Salman's wife, Sima Farouki, the team's public relations director, agrees that Sayel Racing is not about getting political and says that they want to have fun with their racing while representing the Palestine Territories in a positive way.

"We want to represent ourselves as Palestinian by the way we present ourselves at the track as professionals," says Farouki.

She adds that her cupcakes, decorated with the team logo, have proved very popular at the UAE tracks.

"We are competitive - and we have cupcakes!" she laughs.

As well as the kaffiyeh livery on the X-Bow, the car also features Handala, a Palestinian cartoon character as the team mascot.

"Handala ... is always barefoot with his back turned - he has come to be an icon," explains Salman. "We designed 'Racing Handala' and checked the copyright - the artist has passed away and [Handala] has become a symbol for solidarity.

"The car was designed in Dubai and the concept for the car was from us - I was sketching a lot of drawings on my iPad," says Salman.

He chose the X-Bow for his race car after driving it on track days and not only did he feel comfortable driving it, but he found the car attracted a lot of attention.

"In Dubai, it gets surrounded and people take pictures with their phones - the car is a rock star," says Ziad Mikhael, a close friend of Salman and the team's official photographer.

"I help by taking photos of the events, it started off me just as a friend taking pictures but I do it all the time now, it just got bigger," says Mikhael.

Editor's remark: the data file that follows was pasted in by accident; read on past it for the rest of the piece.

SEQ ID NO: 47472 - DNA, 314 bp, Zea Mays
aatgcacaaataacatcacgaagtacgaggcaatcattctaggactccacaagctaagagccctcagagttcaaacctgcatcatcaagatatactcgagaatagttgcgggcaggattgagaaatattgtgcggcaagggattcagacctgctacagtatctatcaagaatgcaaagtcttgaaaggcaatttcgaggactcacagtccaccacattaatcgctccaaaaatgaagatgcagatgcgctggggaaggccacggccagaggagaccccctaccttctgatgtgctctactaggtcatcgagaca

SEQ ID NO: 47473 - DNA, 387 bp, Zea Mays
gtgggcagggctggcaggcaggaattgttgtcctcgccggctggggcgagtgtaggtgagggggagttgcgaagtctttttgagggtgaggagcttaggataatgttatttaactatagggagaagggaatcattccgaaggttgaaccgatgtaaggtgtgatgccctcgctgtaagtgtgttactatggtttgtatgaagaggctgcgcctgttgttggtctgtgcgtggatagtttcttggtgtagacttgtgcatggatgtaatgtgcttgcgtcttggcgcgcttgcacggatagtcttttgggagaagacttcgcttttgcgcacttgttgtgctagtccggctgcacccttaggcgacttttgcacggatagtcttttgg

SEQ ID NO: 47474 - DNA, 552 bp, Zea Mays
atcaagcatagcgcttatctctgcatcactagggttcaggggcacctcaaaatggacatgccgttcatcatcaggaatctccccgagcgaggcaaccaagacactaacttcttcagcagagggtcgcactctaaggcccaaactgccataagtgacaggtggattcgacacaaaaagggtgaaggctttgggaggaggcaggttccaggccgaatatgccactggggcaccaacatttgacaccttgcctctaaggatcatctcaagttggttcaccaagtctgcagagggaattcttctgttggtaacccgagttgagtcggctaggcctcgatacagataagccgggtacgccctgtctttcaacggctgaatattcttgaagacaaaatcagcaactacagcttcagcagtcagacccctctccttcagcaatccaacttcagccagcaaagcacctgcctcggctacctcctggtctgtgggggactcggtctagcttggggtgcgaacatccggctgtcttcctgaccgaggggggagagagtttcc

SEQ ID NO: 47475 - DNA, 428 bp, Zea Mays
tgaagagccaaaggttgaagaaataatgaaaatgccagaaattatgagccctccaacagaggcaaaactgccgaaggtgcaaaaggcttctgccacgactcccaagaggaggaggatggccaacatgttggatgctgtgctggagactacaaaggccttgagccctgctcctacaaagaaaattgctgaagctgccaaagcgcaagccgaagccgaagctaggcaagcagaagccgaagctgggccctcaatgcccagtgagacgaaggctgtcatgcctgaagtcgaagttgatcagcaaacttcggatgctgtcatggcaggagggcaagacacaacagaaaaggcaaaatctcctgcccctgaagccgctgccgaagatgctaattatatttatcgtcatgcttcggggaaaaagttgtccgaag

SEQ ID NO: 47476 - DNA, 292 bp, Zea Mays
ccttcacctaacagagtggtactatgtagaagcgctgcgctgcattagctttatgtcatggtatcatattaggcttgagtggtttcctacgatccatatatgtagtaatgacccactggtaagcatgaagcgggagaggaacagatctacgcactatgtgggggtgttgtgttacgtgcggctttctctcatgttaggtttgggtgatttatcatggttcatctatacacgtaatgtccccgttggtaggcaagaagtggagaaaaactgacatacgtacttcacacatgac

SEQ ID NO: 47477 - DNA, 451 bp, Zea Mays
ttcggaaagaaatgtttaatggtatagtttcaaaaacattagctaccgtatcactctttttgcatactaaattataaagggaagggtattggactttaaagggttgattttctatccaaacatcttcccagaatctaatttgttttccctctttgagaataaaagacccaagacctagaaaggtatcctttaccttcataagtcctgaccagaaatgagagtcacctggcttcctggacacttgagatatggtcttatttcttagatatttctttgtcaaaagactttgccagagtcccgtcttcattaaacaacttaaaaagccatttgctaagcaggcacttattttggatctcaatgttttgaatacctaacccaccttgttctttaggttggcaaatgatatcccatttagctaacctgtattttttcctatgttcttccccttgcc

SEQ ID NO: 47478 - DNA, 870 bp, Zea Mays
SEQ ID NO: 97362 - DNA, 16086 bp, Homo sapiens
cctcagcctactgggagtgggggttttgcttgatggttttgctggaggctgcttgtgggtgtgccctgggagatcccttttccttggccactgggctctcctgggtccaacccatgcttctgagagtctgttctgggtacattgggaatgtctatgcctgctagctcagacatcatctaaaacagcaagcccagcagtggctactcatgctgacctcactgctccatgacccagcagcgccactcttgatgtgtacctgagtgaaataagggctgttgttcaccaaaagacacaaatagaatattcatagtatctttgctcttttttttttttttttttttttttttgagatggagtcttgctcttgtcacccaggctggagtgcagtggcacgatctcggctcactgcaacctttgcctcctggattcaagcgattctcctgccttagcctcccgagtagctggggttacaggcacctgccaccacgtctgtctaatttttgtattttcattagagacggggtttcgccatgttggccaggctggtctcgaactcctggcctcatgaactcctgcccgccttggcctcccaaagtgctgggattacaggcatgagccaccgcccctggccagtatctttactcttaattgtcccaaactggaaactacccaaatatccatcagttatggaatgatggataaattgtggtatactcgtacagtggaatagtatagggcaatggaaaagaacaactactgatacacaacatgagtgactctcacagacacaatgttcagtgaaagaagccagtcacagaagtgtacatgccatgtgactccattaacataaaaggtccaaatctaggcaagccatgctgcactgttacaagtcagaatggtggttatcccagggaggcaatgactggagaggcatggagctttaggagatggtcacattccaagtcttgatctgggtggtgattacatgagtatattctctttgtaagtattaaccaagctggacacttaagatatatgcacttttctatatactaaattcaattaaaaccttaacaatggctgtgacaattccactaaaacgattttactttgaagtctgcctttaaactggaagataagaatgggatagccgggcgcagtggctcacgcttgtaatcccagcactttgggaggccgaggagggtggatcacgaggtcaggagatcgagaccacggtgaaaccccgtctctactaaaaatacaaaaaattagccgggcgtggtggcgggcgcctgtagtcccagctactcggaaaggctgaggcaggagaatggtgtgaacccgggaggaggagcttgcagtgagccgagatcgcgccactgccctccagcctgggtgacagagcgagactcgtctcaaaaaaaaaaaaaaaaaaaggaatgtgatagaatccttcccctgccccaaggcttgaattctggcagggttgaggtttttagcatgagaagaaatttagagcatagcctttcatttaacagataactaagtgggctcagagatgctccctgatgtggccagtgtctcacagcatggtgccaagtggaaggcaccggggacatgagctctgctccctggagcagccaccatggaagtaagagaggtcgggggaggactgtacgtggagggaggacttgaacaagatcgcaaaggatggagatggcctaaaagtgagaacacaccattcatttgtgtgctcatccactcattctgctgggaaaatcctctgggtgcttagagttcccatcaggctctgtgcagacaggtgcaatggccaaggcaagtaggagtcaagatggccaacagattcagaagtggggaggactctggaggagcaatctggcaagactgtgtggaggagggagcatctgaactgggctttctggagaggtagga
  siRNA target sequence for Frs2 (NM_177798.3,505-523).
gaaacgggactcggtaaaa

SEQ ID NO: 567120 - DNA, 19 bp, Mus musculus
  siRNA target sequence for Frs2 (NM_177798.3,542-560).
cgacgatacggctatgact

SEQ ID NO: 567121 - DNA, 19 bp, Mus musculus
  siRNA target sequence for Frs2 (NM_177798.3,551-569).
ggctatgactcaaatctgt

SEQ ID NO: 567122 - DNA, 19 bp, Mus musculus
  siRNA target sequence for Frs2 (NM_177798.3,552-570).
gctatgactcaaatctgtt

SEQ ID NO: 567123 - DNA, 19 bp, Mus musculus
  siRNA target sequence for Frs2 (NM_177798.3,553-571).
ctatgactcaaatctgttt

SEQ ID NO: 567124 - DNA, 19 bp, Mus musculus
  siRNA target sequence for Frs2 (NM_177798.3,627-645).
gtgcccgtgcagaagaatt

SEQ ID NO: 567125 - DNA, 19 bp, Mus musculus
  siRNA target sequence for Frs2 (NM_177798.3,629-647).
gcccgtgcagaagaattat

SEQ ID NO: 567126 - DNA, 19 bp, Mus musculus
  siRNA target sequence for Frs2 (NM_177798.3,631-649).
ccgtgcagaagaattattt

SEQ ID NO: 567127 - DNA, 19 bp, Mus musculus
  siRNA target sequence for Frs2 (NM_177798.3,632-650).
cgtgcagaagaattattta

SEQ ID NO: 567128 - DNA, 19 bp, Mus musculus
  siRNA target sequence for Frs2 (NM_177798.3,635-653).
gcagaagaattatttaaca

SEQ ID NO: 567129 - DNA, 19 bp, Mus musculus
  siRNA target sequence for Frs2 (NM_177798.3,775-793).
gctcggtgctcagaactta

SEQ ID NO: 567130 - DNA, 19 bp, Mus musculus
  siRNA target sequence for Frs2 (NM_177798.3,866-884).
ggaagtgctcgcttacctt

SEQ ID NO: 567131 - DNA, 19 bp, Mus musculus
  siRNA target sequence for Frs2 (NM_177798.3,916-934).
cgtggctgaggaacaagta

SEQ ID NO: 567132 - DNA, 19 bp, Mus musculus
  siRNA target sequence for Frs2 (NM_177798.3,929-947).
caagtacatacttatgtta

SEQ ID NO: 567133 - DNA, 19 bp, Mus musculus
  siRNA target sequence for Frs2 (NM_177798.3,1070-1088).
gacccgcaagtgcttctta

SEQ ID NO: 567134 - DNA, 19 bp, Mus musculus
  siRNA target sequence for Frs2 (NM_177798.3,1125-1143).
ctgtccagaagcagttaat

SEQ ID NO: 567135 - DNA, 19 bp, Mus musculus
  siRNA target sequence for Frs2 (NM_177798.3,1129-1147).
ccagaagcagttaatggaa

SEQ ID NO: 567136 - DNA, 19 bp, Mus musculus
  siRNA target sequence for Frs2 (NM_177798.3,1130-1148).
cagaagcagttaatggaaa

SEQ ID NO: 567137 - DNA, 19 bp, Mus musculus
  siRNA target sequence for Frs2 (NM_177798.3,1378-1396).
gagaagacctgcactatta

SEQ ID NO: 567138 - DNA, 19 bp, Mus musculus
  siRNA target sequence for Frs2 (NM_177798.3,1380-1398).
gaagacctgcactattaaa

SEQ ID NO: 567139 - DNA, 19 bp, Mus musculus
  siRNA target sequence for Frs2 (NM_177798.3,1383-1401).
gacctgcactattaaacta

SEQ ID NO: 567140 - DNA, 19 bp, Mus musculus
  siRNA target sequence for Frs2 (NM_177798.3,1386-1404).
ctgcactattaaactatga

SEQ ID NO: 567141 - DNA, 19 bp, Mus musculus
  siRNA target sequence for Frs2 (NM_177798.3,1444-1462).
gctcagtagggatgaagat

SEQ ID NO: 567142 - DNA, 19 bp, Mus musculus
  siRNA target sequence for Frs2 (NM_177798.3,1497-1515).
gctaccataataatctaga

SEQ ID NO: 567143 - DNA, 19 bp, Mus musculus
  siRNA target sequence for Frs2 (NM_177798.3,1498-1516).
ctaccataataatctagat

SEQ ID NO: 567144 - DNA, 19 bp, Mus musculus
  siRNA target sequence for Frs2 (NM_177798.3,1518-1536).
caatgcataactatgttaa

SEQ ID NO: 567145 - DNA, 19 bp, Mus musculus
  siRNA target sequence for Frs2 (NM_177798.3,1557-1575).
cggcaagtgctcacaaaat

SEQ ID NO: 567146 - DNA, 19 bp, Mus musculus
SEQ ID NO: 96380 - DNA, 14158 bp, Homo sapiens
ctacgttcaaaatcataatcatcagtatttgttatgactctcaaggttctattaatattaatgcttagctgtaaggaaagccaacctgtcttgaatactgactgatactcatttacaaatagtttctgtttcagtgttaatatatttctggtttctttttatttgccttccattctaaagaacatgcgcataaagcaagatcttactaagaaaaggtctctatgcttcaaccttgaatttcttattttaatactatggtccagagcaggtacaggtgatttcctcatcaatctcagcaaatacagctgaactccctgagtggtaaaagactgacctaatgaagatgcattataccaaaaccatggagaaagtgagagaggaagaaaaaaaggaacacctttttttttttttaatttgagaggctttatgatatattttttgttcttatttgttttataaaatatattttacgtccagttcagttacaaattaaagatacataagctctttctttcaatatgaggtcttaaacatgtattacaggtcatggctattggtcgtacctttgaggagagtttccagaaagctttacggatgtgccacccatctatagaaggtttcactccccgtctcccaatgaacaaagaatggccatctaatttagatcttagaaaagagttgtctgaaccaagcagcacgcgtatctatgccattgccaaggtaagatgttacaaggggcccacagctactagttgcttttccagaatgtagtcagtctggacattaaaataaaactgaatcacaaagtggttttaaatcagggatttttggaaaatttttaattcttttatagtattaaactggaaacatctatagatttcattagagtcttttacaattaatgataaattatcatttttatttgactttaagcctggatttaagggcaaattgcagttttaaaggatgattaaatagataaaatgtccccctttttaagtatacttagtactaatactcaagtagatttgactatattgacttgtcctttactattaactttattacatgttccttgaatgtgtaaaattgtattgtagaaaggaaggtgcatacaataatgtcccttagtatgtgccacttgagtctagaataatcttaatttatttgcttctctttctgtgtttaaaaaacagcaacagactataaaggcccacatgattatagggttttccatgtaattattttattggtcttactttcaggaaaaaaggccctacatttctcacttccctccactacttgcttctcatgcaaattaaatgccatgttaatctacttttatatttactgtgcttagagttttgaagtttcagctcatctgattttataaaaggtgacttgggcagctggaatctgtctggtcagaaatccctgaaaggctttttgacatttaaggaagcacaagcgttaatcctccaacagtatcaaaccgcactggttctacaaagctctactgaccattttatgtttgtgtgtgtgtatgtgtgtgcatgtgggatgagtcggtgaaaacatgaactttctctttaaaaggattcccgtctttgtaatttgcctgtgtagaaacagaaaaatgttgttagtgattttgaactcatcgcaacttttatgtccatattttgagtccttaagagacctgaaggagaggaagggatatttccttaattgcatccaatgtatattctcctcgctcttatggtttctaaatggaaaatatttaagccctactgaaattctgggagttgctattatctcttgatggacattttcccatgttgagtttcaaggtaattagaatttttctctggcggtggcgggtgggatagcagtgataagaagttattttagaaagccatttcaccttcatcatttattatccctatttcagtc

On the track, Salman says he enjoys the "healthy competition" especially between himself and the Ginetta G50, raced by Joe Ghanem.

Salman stresses that it is a team effort - as well as his wife and Mikhael, he has two other friends involved with Sayel Racing - Mounir Habib handles public relations and Maezar Jackoush is the videographer. AUH Motorsports, meanwhile, a crew more familiar with working on the Radical racers in the UAE provide the mechanical work and technical support for Sayel Racing: "It has been a great learning curve for both of us - we are new to racing and they have never worked on a X-Bow before," says Salman.

Sponsorship, the lifeblood of any successful race team, have also been forthcoming with the Palestine Electric Company and Morganti, an international company that is part-owned by Palestinians, helping the team financially. Salman says the team hopes to go from strength to strength in future seasons: "We have bigger goals but they have to be sustainable - we will see how far we can go."

He has also test-driven Radicals under the tutelage of Jordan Grogor, a leading Radical driver based in the UAE, and qualified first for one race and third for another, and attained second place in both races.

Farouki says she hopes they can finally visit the Palestinian Territories and when they do so, the team would like to bring some kind of motorsport event to their homeland with the simple intention of : "We would like to set up an event that is not for charity, just a chance for people to feel normal, and to inspire people, something to show people they are not forgotten."